In a bid to relieve the traffic congestion choking Toronto roads, the city is raising fines for four (4) parking offences this week by as much as $110.
Right now, drivers who get caught blocking a sidewalk, double parking, stopping in a TTC zone or parking in a high-occupancy vehicle (HOV) lane, could get at a ticket for $60.
Currently the fines for the following vehicle parking offences have fines of $60.00:
- blocking sidewalks – fine increasing from $60 to $150.00
- engaging in double parking – fine increasing from $60 to $150.00
- standing in TTC zones – fine increasing from $60 to $150.00
- blocking high-occupancy/reserved vehicle lanes (HOV lanes)- fine increasing from $60 to $150.00
Starting tomorrow, the fines for the above noted offences will increase from $60 to $150.00.
The City expects to rake in an additional 3.372 million dollars in revenue (based on a collection rate of 80%) from the increase in fines for these parking tickets.
One of the major contributing factors to traffic congestion is the impact of illegally parked vehicles and/or illegally stopped vehicles, particularly on major arterial roads and especially during rush hour periods. Illegal parking or stopping prevents the effective use of roadways and inhibits traffic flow, resulting in congestion.
In 2013, the City of Toronto took steps to address the issue of illegal stopping during rush hour periods, by significantly increasing the fine for “No Stopping” during peak periods (Peak periods = Rush hours. Rush Hour in Toronto is defined in two four hour windows – 6-10 a.m. and 3-7 p.m. Mon.-Fri., excluding holidays and weekends) from $60.00 to $150.00.
Almost immediately after implementing the fine increase, the number of illegally stopped vehicles dropped by 60%, evidenced by the fact that the City previously issued approximately 700 tickets per day for that offence, and following the fine increase, utilizing identical enforcement resources, now issues approximately 280 tickets per day.
The increased compliance has improved traffic flow and it is clear that the increase in the fine amount had the desired effect of increasing compliance.
However, following implementation of the 2013 fine increases for the “No Stopping” rush hour offence, the City discovered that drivers, attempting to avoid
being ticketed with a higher fine of $150.00 are now stopping illegally on sidewalks, in transit areas, too close to intersections, or double parking in live lanes of traffic in order to avoid the higher fine.
In general, the current parking regulations in effect across the City on the major/minor arterial road network, along public transit routes and in bicycle lanes are designed to facilitate the safe movement of traffic during these peak demand times.
While offences in the rush hour area have been reduced since 2013, offenders continue to abuse parking rules by parking in these “peripheral” locations, close to or adjacent to high-volume traffic roadways to avoid a fine of $150 and a possible tow. This contributes significantly to public safety issuesand traffic congestion.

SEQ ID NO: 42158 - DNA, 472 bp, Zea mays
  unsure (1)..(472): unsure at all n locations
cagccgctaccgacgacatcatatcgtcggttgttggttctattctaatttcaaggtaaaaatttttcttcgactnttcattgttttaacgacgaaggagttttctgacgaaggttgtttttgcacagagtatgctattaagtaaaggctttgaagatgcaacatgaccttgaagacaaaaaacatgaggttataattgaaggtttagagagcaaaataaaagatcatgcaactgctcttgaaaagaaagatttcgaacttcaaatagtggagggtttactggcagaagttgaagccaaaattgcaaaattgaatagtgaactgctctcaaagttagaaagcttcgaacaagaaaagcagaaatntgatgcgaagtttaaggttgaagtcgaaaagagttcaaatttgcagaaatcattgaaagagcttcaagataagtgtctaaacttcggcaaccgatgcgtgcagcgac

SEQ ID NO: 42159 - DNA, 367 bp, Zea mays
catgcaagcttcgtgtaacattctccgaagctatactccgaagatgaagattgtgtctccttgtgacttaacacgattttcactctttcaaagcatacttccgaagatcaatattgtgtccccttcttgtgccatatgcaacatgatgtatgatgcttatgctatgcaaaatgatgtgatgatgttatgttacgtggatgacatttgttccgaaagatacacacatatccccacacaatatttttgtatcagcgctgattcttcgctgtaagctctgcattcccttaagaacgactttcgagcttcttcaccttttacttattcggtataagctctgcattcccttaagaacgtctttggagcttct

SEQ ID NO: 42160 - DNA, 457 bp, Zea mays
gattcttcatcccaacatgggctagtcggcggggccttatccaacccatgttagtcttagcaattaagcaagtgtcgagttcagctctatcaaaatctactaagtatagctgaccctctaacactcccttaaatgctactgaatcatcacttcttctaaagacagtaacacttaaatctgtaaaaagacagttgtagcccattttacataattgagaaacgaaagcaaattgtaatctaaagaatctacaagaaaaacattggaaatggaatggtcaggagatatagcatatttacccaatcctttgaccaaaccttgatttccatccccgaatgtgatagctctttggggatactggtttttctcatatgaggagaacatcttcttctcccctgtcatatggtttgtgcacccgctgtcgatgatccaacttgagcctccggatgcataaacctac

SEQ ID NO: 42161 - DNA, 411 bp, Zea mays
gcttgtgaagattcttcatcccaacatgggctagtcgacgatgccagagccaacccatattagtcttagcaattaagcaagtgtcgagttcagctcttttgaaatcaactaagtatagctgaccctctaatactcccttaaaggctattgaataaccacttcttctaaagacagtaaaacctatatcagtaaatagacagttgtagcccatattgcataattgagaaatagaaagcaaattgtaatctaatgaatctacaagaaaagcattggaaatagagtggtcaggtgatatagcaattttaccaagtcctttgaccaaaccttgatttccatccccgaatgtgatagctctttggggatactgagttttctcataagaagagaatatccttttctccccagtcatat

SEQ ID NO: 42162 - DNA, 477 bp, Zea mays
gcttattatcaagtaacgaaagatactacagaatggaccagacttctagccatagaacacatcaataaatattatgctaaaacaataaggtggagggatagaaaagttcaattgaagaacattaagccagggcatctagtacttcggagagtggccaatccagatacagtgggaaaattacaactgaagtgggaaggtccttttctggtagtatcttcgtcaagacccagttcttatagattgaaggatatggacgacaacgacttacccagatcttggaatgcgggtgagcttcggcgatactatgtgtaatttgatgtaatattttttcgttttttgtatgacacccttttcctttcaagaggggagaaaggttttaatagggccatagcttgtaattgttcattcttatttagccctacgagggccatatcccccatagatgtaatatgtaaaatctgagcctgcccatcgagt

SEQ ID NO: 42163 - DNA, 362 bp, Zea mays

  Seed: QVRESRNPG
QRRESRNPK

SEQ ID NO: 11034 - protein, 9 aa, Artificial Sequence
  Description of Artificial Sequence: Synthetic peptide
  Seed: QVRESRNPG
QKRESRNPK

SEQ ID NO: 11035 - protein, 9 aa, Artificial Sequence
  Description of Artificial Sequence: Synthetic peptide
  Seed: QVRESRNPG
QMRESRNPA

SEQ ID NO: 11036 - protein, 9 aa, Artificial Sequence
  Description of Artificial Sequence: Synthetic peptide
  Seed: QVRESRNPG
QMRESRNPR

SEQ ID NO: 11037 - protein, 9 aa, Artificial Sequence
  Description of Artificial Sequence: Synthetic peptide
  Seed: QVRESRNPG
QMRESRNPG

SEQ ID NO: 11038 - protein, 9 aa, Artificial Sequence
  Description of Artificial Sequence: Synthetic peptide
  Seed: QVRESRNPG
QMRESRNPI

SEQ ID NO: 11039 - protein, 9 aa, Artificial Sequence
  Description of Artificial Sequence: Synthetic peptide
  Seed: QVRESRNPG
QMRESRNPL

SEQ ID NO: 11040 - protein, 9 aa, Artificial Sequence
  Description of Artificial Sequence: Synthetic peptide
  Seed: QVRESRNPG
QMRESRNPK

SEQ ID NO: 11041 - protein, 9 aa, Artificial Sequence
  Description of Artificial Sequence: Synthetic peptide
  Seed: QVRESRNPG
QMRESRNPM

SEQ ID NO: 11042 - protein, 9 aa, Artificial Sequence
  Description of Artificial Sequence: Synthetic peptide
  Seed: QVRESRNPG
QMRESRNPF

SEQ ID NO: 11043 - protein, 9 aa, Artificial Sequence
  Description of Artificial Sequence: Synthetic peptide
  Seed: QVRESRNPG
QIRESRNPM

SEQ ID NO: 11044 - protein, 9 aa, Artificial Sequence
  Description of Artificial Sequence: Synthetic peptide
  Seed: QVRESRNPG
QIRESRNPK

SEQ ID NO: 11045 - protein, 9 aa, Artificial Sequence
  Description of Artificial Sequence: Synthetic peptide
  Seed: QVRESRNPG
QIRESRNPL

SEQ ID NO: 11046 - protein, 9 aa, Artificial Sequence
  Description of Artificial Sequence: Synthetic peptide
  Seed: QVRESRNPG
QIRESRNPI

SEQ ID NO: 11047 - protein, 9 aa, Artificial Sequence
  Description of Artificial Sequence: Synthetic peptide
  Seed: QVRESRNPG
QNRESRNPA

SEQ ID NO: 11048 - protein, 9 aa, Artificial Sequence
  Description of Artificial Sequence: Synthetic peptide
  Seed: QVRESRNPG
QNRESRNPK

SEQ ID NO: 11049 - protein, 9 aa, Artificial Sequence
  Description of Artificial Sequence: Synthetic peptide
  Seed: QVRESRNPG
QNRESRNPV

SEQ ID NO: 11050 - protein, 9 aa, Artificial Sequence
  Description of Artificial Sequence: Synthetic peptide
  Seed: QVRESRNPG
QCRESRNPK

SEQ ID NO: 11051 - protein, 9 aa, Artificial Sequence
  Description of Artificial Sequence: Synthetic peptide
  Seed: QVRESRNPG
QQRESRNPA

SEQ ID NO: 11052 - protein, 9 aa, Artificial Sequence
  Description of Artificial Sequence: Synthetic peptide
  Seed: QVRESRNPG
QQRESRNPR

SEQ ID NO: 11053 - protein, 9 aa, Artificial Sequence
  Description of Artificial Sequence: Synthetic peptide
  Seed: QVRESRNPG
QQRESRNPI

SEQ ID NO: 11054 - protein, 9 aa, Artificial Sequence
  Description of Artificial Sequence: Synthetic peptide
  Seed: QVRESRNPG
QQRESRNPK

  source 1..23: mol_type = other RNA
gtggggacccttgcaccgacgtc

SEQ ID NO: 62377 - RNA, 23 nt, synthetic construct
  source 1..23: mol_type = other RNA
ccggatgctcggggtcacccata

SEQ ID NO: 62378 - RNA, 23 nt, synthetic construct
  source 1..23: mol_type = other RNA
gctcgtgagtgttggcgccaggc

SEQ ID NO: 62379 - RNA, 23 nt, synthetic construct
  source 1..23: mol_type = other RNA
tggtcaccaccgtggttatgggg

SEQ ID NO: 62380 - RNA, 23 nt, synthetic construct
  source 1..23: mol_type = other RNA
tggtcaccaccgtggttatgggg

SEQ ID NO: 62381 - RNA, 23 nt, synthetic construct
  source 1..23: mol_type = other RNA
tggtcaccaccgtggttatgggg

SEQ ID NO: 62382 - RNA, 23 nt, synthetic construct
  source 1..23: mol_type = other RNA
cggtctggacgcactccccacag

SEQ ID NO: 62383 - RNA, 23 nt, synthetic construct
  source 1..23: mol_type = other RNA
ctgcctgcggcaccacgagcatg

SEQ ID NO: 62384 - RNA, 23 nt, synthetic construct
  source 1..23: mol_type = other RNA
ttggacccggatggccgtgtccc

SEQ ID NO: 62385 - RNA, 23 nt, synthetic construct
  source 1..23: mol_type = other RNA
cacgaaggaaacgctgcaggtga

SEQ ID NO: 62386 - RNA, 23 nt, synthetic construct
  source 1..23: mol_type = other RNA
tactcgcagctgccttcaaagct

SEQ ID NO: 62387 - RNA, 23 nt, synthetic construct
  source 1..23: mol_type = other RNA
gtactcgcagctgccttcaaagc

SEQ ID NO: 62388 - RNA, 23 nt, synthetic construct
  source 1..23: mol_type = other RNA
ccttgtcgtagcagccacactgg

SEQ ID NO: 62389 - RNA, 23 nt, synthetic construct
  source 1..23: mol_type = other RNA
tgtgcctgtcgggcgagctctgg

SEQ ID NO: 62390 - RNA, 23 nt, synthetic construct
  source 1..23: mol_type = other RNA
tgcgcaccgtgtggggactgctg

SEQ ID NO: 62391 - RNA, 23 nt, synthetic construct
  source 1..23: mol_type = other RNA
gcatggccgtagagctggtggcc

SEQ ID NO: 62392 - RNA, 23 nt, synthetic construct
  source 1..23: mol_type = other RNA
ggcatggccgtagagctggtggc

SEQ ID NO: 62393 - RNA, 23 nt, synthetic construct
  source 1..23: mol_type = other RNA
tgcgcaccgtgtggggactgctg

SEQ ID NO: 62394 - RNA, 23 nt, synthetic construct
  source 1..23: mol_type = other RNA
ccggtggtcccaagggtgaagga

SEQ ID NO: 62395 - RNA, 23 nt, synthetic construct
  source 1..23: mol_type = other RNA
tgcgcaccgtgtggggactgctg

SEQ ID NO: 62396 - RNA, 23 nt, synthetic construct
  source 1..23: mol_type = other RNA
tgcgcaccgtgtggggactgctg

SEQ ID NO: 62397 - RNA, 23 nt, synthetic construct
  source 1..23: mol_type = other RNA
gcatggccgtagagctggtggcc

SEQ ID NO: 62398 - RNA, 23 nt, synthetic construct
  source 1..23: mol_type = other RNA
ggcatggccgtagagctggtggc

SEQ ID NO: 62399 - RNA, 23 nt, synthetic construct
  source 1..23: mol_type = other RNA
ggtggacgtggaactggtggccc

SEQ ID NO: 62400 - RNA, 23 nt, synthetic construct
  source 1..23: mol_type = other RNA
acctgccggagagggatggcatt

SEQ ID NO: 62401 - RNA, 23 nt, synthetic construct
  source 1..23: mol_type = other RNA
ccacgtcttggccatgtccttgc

Rather than risk a $150 ticket and possible towing during rush hour, motorists needing to park, short term or long term, committed other parking violations which only had $60 fines attached to them (blocking sidewalks, double parking, standing in TTC zones and blocking high-occupancy/reserved vehicle lanes (HOV lanes)).
In response to motorist’s behaviour, as they did in 2013 by raising the “No Stopping” fine to $150, Toronto City Council on September 30, 2015 voted in favour to raise the fines from $60 to $150 for the following offences (blocking sidewalks, double parking, standing in TTC zones and blocking high-occupancy/reserved vehicle lanes (HOV lanes), which come into effect tomorrow.
Not only does the City hope that these new fines (almost tripled) will act as a successful deterrent and stop motorists from finding other areas to park during Toronto’s rush-hour, but the City hopes to raise 3.372 million dollars.
Estimates from 2008 studies for the Greater Toronto and Hamilton area show that congestion costs commuters as much as $3.3 billion annually in terms of delays and increased vehicle costs while the cost to the local economy is estimated at an additional $2.7 million due to lost economic activity and accompanying job loss.
“By attaching a real price to blocking lanes of traffic with illegal parking, we will reduce congestion,” Mayor John Tory said Tuesday in a news release announcing the changes.
Increased enforcement of illegal parking is one element of Tory’s six-point plan to cut traffic congestion. That plan was introduced last year.
“This is just one more step that we are taking to keep Toronto moving and keep pedestrians safe,” Tory said in the release.